A unique and striking fusion of poetic prose, philosophy, and stylistic acrobatics, Tractatüus Philosophiká-Poeticüus is a theoretical, mythopoetic work that uses various narrative and dramatic techniques and devices to fashion a new genre, one that is engaged with critical discourses even while it reads like a fantastical and labyrinthine story. First published in Paris in 2000 in its original English along with a suite of Parsa’s multilingual works, this bold and hallucinatory text depicts the path of writing through the deployment of a group of anonymous wanderers and a constantly metamorphosing ‘I’. With its constant reframing and reformulations, its changes of rhythms and tones, its manipulation and treatment of textual unfoldings, Tractatüus Philosophiká-Poeticüus uses the parameters and the dynamics of the reading experience, along with mythological and intertextual explorations, to construct an ingenious and beguiling treatise. The book continues to defy convenient classification and tackles, through formal and stylistic innovations, the very possibilities and limits of literature and its potential for offering new visions of the world—and new relationships to the world.




Parsa takes us directly into the manufactory of language, the wars and revolutions where words are taken apart, their bits and pieces reassembled, here comically, there monstrously, everywhere frantically… Tractatus Theologico-Politicus: Tractatus Logico-Philosophicus: Tractatüus Philosophiká-Poeticüus: Parsa’s own epic, a melding of the philosophical and the poetic, the legendary and the theological, that generates not a tractatus but a tractatüus, a vagrant genre wandering in between a dead language and one yet to be born, is a product of a total war.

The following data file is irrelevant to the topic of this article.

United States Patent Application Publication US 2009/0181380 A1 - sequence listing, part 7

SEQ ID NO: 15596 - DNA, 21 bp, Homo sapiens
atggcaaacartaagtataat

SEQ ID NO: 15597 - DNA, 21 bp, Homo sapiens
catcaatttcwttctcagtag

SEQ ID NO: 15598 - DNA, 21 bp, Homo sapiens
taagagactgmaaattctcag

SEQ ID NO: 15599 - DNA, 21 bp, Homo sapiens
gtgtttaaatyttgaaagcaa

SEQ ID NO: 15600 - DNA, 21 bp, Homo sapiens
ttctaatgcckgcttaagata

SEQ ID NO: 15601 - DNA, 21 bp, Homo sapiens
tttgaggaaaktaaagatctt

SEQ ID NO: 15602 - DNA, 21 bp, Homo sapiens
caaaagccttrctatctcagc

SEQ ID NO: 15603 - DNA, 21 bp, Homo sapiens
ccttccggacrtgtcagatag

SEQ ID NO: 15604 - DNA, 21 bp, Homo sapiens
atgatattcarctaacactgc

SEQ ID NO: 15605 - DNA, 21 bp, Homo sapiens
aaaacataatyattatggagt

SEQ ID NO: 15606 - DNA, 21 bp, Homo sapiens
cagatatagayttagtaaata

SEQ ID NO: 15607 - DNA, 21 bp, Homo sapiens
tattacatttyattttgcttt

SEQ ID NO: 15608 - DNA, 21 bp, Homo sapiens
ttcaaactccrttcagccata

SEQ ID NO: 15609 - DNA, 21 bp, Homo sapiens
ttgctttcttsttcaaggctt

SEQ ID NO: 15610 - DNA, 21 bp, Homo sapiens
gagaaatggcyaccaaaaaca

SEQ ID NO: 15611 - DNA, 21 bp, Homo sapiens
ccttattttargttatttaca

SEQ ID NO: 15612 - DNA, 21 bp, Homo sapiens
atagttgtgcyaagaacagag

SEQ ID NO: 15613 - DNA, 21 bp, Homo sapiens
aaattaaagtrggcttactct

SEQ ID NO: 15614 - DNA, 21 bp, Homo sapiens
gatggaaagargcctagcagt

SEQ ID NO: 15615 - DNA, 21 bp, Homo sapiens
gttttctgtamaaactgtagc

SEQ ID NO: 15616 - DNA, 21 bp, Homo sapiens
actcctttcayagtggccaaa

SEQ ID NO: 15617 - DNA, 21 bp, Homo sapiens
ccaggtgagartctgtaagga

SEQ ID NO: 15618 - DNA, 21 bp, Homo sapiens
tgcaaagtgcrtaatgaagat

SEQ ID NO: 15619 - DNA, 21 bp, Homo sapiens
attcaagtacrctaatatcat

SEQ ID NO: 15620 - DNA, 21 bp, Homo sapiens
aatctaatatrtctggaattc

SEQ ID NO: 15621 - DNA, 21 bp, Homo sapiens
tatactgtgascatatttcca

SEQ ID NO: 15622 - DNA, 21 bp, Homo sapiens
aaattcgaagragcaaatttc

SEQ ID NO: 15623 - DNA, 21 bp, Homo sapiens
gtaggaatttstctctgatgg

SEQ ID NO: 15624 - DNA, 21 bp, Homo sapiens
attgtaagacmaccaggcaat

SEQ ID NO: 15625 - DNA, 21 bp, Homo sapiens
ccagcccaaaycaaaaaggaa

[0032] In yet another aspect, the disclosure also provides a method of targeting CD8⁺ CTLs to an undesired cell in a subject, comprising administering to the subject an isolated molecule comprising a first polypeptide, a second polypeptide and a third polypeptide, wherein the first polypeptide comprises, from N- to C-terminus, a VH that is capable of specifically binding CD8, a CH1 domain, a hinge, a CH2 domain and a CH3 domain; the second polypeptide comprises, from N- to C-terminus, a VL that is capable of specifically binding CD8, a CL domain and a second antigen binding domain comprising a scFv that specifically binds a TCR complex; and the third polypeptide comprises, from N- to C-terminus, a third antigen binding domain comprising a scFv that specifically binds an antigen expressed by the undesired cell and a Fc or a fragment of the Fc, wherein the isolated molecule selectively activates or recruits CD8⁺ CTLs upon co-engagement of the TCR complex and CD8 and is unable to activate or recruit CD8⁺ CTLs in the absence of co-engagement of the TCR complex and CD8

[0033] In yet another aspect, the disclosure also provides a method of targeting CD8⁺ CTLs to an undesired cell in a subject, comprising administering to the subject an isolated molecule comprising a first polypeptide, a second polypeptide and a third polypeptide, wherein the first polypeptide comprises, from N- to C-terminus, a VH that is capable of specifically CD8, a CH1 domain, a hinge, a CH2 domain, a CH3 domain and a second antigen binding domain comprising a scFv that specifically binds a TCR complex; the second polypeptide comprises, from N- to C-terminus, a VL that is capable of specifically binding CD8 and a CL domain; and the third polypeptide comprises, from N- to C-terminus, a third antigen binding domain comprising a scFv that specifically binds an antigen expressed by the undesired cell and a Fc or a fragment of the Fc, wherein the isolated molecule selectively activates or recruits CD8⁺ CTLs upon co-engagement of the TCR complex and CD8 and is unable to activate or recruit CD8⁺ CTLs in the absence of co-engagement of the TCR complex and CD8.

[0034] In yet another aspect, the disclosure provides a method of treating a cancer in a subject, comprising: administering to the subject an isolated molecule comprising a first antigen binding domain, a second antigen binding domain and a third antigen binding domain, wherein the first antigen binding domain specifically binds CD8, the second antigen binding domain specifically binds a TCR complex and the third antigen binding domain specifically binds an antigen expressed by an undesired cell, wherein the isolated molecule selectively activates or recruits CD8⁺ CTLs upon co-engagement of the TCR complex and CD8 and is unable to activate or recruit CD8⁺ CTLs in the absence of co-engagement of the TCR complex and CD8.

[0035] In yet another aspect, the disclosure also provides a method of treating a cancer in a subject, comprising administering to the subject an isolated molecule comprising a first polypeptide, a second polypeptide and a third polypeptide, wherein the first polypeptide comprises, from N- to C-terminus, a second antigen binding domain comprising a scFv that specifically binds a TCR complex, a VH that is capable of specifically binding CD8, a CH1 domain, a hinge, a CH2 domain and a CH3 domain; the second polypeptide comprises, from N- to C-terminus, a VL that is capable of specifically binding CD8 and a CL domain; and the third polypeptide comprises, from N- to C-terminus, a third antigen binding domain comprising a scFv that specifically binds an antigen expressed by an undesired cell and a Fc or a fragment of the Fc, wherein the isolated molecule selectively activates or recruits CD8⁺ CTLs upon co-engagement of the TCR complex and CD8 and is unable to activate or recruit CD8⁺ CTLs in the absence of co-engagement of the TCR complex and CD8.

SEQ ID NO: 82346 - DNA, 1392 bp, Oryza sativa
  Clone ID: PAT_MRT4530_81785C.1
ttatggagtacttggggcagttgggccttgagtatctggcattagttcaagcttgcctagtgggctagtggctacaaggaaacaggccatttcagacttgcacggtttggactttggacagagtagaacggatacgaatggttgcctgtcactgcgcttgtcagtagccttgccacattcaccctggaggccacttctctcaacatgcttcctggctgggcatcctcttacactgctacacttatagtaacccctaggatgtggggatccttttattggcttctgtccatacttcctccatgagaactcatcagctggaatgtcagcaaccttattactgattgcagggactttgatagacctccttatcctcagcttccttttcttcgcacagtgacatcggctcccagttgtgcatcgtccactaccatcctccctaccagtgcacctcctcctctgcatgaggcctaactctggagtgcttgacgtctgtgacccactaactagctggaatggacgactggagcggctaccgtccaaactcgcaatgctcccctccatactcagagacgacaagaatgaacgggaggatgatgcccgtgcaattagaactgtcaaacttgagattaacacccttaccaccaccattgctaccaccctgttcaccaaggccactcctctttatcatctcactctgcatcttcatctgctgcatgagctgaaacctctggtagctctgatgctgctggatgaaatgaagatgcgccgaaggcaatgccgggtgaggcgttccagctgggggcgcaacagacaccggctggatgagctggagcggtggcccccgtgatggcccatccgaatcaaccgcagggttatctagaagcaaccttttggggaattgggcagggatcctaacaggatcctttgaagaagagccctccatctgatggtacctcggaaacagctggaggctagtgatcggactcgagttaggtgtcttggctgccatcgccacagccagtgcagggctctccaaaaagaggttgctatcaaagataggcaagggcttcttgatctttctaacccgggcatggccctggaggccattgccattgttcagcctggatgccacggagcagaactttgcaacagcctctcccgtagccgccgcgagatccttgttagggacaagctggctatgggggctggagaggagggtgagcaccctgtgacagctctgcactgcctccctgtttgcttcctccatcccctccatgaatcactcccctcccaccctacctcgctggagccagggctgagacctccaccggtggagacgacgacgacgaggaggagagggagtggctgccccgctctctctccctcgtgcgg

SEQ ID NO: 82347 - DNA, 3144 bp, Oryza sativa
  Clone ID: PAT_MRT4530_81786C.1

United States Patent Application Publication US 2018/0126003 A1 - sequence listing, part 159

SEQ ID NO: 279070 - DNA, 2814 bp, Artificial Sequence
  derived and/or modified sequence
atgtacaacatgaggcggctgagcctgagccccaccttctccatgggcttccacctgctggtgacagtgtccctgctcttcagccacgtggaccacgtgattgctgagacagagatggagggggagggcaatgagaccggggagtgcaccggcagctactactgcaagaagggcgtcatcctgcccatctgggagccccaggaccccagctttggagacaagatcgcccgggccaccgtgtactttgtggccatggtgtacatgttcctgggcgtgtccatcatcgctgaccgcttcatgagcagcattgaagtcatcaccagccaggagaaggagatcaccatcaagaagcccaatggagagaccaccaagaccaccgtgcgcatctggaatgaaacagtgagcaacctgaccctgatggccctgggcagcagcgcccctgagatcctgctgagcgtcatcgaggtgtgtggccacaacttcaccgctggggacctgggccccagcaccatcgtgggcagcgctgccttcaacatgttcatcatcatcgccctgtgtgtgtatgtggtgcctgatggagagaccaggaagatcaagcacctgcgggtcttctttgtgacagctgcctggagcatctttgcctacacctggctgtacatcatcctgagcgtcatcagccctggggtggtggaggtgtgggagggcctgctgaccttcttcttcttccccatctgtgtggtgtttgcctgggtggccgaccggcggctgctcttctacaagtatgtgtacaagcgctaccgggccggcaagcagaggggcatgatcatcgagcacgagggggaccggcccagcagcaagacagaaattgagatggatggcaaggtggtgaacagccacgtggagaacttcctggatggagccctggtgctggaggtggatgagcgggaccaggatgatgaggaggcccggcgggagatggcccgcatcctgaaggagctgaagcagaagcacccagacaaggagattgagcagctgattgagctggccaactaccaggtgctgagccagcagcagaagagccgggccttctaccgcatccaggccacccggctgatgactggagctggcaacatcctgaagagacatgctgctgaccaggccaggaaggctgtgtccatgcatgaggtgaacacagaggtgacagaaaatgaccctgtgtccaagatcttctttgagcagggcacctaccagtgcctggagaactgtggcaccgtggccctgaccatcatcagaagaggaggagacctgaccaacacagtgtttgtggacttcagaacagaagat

From the afterword by Gregg Horowitz, Chairperson, Social Science and Cultural Studies, Pratt Institute, and Author, Sustaining Loss: Art and Mournful Life

Amir Parsa: the polyvocal defiance of the subject. His, ours, everyone’s. The polylocal embracing of not/being there… He writes for a tomorrow that will never come because ‘arrival’ is no longer among its illusions. The vertiginous gusto of his narrative is the reeling roll of that future as we can only imagine to hear it now. He seems to be teaching us how to fly—with words. His, if anything, is a post-national read, a post-categorical writing, a post-immigrant thought. He is post about anything and everything.

—Hamid Dabashi, Hagop Kevorkian Professor of Iranian Studies and Comparative Literature, Columbia University, and Author, Close-up: Iranian Cinema, Past, Present, Future

Few writers make more interesting globular dynamics than Amir Parsa. Under Parsa’s influence, the punctum of the pen yields islands invisibly connected beneath the water. Seen from the surface, apparently self-contained and isolated, but underneath, secretly linked in the shifting sands of a coastal shelf. Viewed from one perspective as wounds in the water, viewed from another as the beginning of healing: both views are like memory or history. True artistry emerges from and results in such perspectival shifts, allowing design and accident their ineluctable due.